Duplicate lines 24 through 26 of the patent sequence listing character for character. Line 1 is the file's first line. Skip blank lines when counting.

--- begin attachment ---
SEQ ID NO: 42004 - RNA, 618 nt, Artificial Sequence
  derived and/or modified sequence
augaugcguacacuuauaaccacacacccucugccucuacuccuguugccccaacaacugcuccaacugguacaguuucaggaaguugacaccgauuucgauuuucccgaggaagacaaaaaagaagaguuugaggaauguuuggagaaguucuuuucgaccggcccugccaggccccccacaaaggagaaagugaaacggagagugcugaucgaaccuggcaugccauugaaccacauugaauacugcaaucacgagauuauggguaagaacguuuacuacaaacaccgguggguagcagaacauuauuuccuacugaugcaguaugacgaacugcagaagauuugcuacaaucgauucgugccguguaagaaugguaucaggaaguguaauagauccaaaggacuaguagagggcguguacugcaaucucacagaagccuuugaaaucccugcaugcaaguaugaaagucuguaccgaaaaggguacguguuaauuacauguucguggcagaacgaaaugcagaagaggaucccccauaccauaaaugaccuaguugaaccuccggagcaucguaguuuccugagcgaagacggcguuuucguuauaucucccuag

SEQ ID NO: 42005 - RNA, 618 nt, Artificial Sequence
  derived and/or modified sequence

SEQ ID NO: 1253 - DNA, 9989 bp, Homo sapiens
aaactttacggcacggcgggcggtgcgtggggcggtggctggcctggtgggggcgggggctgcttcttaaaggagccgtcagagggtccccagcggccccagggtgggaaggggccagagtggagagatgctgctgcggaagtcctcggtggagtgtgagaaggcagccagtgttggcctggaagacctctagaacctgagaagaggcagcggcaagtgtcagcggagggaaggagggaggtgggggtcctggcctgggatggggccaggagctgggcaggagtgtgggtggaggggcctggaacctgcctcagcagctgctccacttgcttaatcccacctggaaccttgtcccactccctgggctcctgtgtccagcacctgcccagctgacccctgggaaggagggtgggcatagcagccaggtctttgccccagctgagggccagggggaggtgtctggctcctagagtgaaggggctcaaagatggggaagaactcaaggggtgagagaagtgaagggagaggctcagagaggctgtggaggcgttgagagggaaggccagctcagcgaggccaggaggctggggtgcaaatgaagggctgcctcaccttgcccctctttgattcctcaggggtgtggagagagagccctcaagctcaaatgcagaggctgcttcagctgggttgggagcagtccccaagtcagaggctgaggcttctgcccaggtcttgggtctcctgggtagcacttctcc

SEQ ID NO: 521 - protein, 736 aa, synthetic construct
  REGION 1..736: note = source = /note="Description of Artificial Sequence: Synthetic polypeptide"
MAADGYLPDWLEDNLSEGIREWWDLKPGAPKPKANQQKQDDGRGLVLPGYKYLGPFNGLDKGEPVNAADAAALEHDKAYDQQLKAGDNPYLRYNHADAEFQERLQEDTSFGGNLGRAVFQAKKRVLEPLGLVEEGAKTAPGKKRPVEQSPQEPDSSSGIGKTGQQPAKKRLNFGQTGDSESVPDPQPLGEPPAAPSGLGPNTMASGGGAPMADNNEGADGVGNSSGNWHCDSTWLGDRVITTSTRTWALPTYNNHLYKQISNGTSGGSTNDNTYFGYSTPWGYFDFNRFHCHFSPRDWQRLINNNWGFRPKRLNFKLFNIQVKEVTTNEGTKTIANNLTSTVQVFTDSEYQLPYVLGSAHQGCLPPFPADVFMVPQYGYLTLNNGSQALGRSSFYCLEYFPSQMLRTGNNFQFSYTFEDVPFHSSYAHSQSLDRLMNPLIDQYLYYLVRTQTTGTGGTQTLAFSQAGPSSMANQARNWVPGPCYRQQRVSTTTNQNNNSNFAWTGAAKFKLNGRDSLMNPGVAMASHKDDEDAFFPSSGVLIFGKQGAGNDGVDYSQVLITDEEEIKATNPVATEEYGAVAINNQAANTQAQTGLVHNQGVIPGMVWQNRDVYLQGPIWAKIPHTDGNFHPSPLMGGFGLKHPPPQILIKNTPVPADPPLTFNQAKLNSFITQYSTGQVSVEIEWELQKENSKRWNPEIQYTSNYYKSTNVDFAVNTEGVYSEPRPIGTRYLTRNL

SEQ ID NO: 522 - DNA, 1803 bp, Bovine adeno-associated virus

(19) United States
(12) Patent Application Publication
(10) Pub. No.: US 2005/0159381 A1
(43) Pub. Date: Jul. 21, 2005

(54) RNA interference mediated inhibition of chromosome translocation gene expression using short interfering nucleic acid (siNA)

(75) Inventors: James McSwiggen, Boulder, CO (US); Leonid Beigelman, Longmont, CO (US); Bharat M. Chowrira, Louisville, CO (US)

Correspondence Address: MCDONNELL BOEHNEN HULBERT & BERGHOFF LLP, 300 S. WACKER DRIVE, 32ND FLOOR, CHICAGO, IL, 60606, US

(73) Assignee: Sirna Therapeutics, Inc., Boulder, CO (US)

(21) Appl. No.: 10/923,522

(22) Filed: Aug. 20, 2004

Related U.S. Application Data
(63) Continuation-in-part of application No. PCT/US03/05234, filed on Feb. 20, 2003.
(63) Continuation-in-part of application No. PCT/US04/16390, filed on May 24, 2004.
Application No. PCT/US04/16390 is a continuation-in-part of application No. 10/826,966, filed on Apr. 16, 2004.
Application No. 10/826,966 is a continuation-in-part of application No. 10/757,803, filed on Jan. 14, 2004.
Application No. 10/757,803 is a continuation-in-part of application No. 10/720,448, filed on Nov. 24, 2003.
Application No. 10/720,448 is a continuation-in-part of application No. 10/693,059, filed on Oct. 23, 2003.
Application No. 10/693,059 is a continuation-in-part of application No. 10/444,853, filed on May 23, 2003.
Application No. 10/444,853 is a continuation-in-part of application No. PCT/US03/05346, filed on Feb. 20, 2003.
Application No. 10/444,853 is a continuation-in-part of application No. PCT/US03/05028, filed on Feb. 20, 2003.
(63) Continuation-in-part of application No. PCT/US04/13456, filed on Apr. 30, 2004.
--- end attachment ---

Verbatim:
(63) Continuation-in-part of application No. PCT/US04/16390, filed on May 24, 2004.
Application No. PCT/US04/16390 is a continuation-in-part of application No. 10/826,966, filed on Apr. 16, 2004.
Application No. 10/826,966 is a continuation-in-part of application No. 10/757,803, filed on Jan. 14, 2004.